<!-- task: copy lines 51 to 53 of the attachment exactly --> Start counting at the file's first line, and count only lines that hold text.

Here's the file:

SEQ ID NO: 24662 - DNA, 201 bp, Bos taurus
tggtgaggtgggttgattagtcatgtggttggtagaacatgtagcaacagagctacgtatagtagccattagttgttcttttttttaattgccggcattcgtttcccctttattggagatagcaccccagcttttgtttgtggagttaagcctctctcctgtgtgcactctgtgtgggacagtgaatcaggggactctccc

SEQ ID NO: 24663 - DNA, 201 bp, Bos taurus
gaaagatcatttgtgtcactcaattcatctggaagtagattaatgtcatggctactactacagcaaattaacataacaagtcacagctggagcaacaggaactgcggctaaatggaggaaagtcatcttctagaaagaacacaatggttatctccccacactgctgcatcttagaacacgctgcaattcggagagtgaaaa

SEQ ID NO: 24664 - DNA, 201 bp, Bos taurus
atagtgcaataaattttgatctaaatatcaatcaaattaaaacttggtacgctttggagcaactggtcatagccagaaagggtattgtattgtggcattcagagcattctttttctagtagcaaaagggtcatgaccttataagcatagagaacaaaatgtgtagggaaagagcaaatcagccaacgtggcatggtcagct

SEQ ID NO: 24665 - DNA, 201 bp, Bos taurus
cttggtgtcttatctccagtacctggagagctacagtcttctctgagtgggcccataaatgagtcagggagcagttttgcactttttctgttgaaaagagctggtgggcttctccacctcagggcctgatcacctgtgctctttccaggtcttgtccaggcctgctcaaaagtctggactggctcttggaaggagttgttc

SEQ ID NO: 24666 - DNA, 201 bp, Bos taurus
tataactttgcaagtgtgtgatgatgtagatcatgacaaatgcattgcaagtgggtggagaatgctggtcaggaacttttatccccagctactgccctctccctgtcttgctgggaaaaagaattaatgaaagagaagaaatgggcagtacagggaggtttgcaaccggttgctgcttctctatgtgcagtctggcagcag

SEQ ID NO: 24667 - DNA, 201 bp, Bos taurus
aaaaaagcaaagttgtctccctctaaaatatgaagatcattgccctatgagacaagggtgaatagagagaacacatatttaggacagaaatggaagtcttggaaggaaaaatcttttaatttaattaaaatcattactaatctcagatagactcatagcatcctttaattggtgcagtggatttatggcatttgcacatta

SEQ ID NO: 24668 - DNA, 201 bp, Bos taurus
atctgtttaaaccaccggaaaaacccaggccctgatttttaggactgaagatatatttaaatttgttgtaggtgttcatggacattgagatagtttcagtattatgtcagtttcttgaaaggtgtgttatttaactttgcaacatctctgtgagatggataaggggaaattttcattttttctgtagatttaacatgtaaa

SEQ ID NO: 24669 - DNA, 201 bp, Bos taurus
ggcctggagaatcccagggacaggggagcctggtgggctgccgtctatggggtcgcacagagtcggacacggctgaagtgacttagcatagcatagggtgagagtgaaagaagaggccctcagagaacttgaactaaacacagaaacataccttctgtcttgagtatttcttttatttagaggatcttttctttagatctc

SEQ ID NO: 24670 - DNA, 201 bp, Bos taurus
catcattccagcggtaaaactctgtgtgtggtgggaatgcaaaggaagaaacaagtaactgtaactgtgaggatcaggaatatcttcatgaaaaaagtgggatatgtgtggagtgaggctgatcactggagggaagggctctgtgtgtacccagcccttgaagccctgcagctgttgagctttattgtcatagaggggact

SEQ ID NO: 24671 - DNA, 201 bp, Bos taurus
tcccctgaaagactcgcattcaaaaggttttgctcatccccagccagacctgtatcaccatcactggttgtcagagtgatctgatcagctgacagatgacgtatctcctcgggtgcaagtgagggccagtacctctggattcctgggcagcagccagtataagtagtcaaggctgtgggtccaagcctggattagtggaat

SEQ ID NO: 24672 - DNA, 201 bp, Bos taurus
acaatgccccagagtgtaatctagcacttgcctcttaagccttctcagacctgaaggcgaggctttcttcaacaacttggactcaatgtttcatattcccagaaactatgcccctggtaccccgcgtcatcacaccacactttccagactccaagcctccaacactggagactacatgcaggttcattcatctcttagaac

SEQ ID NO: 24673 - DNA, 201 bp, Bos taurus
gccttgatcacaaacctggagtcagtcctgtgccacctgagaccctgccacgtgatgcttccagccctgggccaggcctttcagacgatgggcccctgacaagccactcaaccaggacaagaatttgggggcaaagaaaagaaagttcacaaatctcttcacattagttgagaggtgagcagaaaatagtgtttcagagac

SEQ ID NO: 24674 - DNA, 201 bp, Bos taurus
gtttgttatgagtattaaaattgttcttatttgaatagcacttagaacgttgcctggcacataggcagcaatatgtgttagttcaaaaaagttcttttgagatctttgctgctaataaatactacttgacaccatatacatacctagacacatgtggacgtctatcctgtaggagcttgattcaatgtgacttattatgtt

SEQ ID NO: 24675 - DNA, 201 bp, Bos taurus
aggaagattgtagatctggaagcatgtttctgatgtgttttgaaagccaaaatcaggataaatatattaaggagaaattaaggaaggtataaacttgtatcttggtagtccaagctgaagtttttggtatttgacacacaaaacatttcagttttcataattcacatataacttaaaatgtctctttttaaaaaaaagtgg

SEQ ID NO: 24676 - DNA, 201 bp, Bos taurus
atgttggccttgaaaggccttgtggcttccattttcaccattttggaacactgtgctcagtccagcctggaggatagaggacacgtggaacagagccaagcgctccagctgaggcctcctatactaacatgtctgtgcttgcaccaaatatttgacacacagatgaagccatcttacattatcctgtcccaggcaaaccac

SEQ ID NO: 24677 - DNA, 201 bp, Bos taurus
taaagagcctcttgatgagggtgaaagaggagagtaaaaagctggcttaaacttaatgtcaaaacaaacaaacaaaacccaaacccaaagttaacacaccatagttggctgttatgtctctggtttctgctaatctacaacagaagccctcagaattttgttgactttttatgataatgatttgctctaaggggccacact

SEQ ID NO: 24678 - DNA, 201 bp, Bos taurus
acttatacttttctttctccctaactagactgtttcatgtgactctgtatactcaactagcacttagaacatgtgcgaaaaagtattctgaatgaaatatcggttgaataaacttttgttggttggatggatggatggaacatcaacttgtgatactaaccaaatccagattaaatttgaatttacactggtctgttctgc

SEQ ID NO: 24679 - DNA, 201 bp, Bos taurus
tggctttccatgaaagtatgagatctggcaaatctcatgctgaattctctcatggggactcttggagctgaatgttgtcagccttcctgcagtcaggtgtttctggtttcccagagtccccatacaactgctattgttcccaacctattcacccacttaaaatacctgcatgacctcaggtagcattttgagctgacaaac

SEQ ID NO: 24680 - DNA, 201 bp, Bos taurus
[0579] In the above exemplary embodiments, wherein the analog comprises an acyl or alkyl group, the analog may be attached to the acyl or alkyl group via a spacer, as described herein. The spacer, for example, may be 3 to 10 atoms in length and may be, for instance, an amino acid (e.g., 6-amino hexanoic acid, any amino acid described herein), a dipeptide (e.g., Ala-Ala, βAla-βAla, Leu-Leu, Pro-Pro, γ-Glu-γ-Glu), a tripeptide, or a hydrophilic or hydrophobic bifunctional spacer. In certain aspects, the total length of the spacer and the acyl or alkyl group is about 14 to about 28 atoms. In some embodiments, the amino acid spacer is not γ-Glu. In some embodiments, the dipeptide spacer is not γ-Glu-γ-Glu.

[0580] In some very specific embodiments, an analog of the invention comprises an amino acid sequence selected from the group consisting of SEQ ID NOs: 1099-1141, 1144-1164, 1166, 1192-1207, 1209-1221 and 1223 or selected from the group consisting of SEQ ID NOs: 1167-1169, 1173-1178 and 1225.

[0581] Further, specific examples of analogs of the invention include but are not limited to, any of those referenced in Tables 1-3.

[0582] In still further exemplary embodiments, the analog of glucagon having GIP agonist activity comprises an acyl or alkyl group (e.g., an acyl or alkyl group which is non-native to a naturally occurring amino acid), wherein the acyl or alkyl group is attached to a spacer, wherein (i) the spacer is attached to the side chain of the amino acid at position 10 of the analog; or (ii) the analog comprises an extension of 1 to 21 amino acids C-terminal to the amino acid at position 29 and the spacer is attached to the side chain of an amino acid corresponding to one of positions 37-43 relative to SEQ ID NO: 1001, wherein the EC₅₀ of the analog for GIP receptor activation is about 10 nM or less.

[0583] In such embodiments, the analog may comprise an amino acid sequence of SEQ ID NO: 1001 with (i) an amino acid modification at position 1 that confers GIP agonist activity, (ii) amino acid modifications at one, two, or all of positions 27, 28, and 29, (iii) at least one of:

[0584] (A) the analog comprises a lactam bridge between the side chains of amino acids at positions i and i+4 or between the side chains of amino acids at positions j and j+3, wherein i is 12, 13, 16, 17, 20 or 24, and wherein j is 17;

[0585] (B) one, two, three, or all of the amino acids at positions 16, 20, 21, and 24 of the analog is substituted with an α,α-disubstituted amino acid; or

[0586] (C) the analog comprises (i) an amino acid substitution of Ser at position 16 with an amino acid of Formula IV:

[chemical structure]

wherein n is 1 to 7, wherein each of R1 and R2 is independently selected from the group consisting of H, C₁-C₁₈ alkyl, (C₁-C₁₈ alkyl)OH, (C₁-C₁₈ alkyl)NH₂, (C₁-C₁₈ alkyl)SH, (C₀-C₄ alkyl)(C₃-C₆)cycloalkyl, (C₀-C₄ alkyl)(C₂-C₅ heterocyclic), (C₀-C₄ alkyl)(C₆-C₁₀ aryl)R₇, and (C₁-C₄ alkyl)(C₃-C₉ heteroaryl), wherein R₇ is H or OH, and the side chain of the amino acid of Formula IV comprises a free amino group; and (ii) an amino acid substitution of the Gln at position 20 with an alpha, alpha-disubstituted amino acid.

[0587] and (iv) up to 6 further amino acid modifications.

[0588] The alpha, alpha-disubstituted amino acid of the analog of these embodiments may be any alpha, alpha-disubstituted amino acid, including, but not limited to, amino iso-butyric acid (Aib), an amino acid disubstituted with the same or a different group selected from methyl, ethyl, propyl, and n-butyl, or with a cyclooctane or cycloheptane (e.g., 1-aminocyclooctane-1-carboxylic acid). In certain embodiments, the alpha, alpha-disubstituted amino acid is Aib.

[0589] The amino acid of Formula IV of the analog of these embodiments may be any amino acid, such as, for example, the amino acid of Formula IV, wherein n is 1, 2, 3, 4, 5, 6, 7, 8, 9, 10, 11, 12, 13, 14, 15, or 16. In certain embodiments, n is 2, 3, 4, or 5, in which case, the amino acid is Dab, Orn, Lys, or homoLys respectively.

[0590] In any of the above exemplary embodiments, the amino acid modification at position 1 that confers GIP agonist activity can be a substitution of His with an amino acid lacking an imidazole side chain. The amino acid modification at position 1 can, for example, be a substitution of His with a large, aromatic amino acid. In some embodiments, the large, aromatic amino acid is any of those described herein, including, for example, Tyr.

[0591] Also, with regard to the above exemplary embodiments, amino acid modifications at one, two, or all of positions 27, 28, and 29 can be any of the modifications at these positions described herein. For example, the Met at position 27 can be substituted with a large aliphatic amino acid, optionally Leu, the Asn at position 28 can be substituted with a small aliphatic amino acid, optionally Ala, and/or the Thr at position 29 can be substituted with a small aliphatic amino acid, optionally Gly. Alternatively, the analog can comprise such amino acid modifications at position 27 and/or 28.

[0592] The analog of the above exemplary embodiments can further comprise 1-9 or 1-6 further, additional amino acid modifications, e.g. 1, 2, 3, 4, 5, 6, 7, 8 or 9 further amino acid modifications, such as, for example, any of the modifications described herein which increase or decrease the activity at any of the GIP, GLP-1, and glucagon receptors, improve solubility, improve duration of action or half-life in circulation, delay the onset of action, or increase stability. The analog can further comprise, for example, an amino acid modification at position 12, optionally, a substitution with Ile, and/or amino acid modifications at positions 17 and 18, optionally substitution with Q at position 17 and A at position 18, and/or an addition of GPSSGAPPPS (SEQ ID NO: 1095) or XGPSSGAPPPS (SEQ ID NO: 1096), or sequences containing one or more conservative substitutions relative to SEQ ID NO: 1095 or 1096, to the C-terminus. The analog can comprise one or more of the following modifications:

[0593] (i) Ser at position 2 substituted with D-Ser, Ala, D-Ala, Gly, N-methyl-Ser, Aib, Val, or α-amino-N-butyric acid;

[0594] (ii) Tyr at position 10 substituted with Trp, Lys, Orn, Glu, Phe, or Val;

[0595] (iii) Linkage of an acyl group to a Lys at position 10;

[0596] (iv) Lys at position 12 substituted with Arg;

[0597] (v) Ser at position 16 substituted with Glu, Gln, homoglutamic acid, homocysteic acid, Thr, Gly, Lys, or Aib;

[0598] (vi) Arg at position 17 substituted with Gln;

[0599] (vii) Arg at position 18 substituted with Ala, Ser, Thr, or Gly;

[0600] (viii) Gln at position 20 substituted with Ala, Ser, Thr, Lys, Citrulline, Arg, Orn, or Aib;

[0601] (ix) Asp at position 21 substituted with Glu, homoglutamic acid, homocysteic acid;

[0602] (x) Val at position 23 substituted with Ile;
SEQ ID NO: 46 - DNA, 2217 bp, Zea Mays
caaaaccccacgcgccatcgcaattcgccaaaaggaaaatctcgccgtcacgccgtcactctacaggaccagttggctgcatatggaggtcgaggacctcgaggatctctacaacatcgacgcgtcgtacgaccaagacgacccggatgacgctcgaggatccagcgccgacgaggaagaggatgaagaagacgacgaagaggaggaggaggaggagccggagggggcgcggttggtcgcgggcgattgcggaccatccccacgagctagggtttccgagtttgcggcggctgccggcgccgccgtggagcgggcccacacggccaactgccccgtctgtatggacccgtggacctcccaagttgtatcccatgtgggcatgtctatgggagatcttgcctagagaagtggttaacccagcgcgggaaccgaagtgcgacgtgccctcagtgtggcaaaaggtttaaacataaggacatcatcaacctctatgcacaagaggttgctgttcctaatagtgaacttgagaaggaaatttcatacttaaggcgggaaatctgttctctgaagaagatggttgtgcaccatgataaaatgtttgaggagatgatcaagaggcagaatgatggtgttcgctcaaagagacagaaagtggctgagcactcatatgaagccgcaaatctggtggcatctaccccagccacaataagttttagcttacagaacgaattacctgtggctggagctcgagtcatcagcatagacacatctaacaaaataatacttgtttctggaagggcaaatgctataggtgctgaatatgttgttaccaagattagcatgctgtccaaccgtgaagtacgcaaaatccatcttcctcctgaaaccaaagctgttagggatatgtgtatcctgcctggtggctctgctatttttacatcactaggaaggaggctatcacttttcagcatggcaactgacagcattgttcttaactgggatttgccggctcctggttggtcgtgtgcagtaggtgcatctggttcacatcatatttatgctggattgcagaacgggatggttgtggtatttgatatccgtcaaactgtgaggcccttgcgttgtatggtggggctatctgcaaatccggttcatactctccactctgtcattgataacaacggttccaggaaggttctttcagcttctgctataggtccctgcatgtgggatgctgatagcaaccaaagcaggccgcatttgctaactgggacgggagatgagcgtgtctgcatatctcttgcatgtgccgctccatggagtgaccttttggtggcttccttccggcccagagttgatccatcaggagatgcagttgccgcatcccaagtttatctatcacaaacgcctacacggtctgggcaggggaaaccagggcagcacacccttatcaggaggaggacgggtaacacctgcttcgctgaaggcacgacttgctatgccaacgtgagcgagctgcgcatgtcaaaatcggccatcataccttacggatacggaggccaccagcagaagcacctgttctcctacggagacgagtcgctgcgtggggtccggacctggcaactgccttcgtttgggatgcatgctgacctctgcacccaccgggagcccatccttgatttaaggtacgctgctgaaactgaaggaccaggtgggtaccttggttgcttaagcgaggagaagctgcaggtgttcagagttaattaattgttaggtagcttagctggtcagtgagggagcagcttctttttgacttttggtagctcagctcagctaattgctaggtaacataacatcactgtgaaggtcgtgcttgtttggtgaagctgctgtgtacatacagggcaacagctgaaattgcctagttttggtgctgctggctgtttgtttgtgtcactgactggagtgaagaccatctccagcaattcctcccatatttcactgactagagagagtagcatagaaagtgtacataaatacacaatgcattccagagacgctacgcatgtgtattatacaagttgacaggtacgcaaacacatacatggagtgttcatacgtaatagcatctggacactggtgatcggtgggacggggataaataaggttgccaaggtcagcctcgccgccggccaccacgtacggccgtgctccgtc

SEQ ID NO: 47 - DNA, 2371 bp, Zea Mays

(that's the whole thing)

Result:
[0590] In any of the above exemplary embodiments, the amino acid modification at position 1 that confers GIP agonist activity can be a substitution of His with an amino acid lacking an imidazole side chain. The amino acid modification at position 1 can, for example, be a substitution of His with a large, aromatic amino acid. In some embodiments, the large, aromatic amino acid is any of those described herein, including, for example, Tyr.

[0591] Also, with regard to the above exemplary embodiments, amino acid modifications at one, two, or all of positions 27, 28, and 29 can be any of the modifications at these positions described herein. For example, the Met at position 27 can be substituted with a large aliphatic amino acid, optionally Leu, the Asn at position 28 can be substituted with a small aliphatic amino acid, optionally Ala, and/or the Thr at position 29 can be substituted with a small aliphatic amino acid, optionally Gly. Alternatively, the analog can comprise such amino acid modifications at position 27 and/or 28.

[0592] The analog of the above exemplary embodiments can further comprise 1-9 or 1-6 further, additional amino acid modifications, e.g. 1, 2, 3, 4, 5, 6, 7, 8 or 9 further amino acid modifications, such as, for example, any of the modifications described herein which increase or decrease the activity at any of the GIP, GLP-1, and glucagon receptors, improve solubility, improve duration of action or half-life in circulation, delay the onset of action, or increase stability. The analog can further comprise, for example, an amino acid modification at position 12, optionally, a substitution with Ile, and/or amino acid modifications at positions 17 and 18, optionally substitution with Q at position 17 and A at position 18, and/or an addition of GPSSGAPPPS (SEQ ID NO: 1095) or XGPSSGAPPPS (SEQ ID NO: 1096), or sequences containing one or more conservative substitutions relative to SEQ ID NO: 1095 or 1096, to the C-terminus. The analog can comprise one or more of the following modifications: